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The Benefits of Freezing Coffee Beans: How and Why You Should Do It

Freezing coffee beans used to be a bit of a controversy in the coffee world, but nowadays, it's considered a smart move. But why should you freeze your coffee beans, and how do you go about it? Can freezing beans really enhance the flavor of your coffee?


Why should you freeze your coffee beans? Many folks wonder, "Can you freeze coffee?" There are two primary reasons why freezing your coffee beans after roasting can be a good idea:

Preserving Flavor: Freezing is an excellent method for preserving the flavors of food and preventing it from going bad. Just think about how your frozen spaghetti sauce still tastes great, if not better, a week later.

So, how does this apply to coffee?

The issue with coffee is that once it's roasted, it starts to age, losing its fresh, vibrant flavors and gradually becoming dull and bland. As time passes, you might even detect stale, somewhat bitter and unpleasant flavors as the coffee's oils become stale. Ideally, you'd brew coffee within 3-14 days after roasting, but that's not always practical. To store coffee for longer periods, freezing is the best solution. Freezing locks in the flavors and keeps the coffee nearly as fresh as it would be a few days after roasting. It might not be quite as good as freshly roasted, but it's close.

Resource: Barista Hustle

Improving Grinding Quality: Now, let's get a bit nerdy for a moment, but bear with me; I'll keep it simple. When you grind coffee, you get three types of particles: fines (very small), boulders (very large), and optimal-sized particles. The better your grinder, the fewer fines and boulders you'll have, and these particles are typically bad for brewing coffee. Fines over-extract easily, while boulders under-extract.

Freezing your beans and grinding them while they're frozen results in a more consistent grind size distribution, meaning fewer fines and boulders. It also grinds the beans finer. Both of these factors improve extraction, allowing you to extract more flavor from your coffee in a more even way. This makes your coffee taste sweeter and less bitter or acidic. In simple terms, grinding frozen coffee makes it taste better!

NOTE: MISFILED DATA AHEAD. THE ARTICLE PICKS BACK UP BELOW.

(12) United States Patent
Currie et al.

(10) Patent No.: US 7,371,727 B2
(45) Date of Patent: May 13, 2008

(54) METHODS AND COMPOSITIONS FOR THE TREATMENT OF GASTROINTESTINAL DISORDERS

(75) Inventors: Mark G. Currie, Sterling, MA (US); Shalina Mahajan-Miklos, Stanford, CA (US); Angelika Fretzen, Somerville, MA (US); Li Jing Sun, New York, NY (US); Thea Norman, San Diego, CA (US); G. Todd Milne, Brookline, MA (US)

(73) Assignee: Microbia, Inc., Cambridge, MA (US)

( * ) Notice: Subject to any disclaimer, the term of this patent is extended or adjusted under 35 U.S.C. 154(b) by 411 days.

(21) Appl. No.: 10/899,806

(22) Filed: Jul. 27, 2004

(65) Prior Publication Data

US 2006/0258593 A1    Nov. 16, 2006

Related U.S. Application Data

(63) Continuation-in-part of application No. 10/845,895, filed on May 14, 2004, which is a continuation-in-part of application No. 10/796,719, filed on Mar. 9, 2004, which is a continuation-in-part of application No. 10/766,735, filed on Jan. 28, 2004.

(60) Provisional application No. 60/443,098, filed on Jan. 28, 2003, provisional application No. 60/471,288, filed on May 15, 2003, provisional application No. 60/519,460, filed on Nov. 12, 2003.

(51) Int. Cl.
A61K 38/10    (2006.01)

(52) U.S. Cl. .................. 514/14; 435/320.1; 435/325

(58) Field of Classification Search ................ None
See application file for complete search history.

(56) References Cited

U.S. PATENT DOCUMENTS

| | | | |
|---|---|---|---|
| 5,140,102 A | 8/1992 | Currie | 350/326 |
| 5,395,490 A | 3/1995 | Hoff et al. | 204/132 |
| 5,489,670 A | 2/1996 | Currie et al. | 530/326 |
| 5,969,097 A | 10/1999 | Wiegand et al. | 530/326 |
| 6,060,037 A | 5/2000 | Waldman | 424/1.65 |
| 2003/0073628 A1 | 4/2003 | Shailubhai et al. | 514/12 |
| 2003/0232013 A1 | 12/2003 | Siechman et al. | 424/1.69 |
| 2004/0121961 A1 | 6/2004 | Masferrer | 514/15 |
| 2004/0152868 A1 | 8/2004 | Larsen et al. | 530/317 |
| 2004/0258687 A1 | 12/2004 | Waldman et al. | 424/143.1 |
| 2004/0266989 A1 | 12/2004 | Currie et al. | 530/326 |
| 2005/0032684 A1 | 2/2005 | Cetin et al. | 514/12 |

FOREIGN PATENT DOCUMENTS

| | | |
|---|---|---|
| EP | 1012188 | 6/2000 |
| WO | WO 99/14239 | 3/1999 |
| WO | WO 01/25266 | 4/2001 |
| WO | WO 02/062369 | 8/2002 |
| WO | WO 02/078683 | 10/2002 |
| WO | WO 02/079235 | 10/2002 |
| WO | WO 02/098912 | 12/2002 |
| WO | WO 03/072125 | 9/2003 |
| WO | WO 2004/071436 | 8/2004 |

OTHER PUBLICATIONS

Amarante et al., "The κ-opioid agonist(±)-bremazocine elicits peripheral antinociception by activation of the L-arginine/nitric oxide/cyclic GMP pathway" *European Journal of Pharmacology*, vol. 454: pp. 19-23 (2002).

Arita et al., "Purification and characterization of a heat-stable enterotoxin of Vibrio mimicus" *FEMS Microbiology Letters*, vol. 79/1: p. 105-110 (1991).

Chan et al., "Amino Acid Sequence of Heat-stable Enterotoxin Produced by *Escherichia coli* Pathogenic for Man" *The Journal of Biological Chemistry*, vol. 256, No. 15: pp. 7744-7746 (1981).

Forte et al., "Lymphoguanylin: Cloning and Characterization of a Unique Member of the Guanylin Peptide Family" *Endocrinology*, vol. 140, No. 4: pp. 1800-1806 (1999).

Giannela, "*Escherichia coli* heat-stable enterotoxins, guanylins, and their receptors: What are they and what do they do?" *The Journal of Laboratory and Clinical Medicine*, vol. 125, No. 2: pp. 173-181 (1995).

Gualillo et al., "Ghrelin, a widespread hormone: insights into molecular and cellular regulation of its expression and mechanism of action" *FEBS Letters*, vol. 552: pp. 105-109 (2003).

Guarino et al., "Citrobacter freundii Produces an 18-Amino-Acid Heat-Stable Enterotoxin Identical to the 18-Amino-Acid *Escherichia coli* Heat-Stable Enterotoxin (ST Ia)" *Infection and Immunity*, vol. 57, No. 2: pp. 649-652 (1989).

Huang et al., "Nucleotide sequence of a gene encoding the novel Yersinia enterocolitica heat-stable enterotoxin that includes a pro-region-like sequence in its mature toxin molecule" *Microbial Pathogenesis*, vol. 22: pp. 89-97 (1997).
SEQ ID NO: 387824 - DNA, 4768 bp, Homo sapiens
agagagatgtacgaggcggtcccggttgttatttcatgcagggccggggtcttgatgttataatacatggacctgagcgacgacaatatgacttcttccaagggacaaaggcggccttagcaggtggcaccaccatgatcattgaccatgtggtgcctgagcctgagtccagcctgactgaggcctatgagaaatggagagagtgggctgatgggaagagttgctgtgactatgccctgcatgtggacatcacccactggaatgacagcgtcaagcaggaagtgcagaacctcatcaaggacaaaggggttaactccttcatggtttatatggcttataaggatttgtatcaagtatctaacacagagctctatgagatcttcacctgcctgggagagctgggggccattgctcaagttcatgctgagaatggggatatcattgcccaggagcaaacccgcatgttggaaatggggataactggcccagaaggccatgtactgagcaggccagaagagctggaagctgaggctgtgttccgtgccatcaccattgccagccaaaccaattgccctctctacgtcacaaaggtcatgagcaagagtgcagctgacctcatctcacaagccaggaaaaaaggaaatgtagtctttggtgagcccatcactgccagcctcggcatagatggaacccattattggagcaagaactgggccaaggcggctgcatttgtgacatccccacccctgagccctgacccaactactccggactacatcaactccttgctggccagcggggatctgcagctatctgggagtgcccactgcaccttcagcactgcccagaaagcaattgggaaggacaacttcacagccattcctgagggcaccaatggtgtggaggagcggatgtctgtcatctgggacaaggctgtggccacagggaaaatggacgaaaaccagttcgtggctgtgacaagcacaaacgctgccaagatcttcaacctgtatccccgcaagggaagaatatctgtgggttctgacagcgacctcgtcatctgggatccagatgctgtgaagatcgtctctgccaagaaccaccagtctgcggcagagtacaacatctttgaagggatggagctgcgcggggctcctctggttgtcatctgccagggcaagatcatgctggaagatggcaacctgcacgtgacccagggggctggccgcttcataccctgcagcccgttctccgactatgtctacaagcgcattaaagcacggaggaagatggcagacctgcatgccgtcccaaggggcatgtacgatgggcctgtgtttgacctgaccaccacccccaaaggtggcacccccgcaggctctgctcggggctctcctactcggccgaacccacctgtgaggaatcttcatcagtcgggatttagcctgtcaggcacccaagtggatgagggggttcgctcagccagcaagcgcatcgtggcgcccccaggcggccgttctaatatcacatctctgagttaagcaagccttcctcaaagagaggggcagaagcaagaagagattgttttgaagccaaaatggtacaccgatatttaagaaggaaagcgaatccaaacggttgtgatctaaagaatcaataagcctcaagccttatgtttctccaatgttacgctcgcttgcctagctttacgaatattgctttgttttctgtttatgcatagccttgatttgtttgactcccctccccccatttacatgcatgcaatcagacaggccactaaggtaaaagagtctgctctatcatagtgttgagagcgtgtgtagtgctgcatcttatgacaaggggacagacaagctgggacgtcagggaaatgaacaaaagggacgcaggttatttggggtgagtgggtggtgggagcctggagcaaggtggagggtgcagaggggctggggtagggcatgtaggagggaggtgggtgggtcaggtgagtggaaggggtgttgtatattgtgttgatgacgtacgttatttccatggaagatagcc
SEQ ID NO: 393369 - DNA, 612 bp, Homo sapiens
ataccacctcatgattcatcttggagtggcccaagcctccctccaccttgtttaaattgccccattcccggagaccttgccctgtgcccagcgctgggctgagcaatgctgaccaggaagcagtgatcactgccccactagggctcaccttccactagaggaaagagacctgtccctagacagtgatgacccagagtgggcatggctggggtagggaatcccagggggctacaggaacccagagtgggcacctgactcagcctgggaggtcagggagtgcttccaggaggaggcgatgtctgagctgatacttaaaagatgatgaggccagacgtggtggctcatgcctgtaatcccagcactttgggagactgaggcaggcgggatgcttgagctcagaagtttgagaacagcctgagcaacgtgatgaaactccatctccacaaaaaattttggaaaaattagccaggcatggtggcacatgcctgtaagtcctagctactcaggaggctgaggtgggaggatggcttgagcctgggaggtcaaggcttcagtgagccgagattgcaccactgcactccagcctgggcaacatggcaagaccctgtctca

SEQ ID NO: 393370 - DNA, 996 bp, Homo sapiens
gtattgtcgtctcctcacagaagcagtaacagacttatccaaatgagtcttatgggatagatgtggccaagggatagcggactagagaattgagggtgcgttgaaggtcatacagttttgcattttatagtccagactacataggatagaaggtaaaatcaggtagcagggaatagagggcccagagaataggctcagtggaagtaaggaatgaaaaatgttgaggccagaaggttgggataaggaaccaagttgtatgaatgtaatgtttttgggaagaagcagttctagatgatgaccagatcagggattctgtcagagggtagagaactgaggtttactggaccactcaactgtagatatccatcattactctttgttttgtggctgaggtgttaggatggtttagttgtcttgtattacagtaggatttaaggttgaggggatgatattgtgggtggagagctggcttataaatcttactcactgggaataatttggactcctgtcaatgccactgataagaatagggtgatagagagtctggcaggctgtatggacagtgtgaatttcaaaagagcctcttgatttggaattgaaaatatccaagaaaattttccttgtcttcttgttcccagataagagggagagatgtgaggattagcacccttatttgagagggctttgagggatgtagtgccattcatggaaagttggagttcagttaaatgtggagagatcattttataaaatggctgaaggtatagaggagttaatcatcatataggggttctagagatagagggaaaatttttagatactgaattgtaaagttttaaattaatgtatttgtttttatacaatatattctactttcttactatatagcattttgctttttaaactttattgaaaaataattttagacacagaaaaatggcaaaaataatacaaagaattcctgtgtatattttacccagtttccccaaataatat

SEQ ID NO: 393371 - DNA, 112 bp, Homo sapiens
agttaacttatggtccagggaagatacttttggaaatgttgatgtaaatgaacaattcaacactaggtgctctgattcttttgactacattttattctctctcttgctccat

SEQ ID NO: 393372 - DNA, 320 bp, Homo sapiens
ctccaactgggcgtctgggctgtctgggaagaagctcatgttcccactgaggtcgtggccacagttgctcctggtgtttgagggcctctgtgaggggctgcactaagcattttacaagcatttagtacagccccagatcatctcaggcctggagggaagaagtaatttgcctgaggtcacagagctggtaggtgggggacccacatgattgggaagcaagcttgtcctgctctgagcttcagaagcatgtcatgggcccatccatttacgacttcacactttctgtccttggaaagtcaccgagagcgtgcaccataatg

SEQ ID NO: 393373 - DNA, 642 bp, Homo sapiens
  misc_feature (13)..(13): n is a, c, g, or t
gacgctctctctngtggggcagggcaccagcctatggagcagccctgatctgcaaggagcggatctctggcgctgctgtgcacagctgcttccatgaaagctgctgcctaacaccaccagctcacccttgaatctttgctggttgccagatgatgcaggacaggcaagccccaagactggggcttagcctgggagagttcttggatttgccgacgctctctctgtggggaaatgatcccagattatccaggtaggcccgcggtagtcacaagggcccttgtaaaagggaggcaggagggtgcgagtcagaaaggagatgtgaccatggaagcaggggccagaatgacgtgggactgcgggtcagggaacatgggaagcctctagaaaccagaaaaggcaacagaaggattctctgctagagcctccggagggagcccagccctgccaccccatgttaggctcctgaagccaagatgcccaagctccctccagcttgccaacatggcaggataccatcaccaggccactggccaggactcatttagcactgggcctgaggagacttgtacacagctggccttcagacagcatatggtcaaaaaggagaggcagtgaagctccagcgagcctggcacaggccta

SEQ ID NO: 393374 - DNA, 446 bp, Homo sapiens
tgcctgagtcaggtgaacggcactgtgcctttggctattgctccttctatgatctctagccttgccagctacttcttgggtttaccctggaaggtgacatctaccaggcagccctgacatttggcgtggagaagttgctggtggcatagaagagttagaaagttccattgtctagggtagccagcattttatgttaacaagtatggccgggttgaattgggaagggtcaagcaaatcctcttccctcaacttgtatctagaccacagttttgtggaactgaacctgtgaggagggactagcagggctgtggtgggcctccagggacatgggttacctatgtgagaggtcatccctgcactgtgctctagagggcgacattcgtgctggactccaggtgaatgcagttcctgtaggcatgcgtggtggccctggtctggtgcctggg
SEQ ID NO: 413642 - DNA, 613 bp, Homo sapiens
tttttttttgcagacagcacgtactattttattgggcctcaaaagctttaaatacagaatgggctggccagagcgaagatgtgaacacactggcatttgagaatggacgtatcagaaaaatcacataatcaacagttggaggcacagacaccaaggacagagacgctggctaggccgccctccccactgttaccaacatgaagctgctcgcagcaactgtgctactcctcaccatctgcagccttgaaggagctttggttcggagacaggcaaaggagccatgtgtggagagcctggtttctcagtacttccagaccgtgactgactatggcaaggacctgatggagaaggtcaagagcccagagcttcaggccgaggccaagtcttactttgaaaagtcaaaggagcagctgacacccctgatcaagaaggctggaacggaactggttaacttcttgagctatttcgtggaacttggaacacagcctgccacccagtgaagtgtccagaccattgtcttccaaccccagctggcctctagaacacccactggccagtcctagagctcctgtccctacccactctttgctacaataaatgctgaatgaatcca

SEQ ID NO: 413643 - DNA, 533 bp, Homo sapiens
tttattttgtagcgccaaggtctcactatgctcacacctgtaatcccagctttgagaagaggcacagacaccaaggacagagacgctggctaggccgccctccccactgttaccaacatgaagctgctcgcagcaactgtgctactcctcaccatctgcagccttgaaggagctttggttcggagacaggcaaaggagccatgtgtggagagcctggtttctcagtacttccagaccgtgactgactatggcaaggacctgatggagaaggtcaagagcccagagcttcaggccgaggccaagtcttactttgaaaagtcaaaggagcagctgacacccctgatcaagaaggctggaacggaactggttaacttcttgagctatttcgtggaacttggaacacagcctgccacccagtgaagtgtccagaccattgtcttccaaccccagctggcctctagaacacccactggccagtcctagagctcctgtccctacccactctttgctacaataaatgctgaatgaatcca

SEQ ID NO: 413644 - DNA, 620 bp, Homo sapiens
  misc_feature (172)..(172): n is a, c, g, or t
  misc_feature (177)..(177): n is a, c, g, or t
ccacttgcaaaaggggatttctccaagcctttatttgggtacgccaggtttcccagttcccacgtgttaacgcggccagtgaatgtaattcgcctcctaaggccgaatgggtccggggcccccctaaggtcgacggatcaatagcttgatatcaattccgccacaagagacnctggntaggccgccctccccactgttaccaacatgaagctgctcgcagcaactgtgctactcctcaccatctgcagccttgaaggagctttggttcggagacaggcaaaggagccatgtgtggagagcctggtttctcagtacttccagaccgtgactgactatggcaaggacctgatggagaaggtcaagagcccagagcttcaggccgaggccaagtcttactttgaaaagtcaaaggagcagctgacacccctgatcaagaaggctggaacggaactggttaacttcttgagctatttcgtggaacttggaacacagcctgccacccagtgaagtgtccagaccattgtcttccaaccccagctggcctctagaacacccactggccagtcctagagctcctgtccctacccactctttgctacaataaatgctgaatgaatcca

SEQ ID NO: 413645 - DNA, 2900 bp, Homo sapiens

For more on why you should freeze coffee, you can check out a video from Maxwell Colonna-Daswood.

How should you freeze your coffee beans? Freezing coffee beans successfully requires two main things: an airtight container with as little air as possible. You have two options: vacuum sealing or some kind of tube or container. Vacuum sealing involves plastic bags and a vacuum sealer, which can be a bit more costly.

Many people used these tubes to freeze coffee. They're handy because you can fit about 20 grams of coffee in them (the exact amount may vary based on the coffee type, typically between 18-22 grams).

The key is to fill the tube as full as possible. After filling and sealing the tube, there may still be some air between the beans, so give it a good shake to pack the beans more tightly and add any missing beans.

Of course, you'll want to know what coffee you've frozen. Write down the coffee details on masking tape or painter's tape. If you want to be even more precise, you can note the perfect recipe you used, so it's ready for you in a couple of years when you retrieve the coffee from the freezer.


How long can you keep coffee in the freezer?

You can keep it for a really long time, so long that you may not even have to worry about it because you probably won't store it for so long that anything happens. Some studies suggest that a day at room temperature is equivalent to over 200 days in the freezer.

At a minimum, it should stay good for at least two years. In fact, some coffee enthusiasts, like myself, have started building a coffee collection in the freezer. I'm looking forward to revisiting my competition coffee from 2020 in three years to see if it still tastes as good as it does today.

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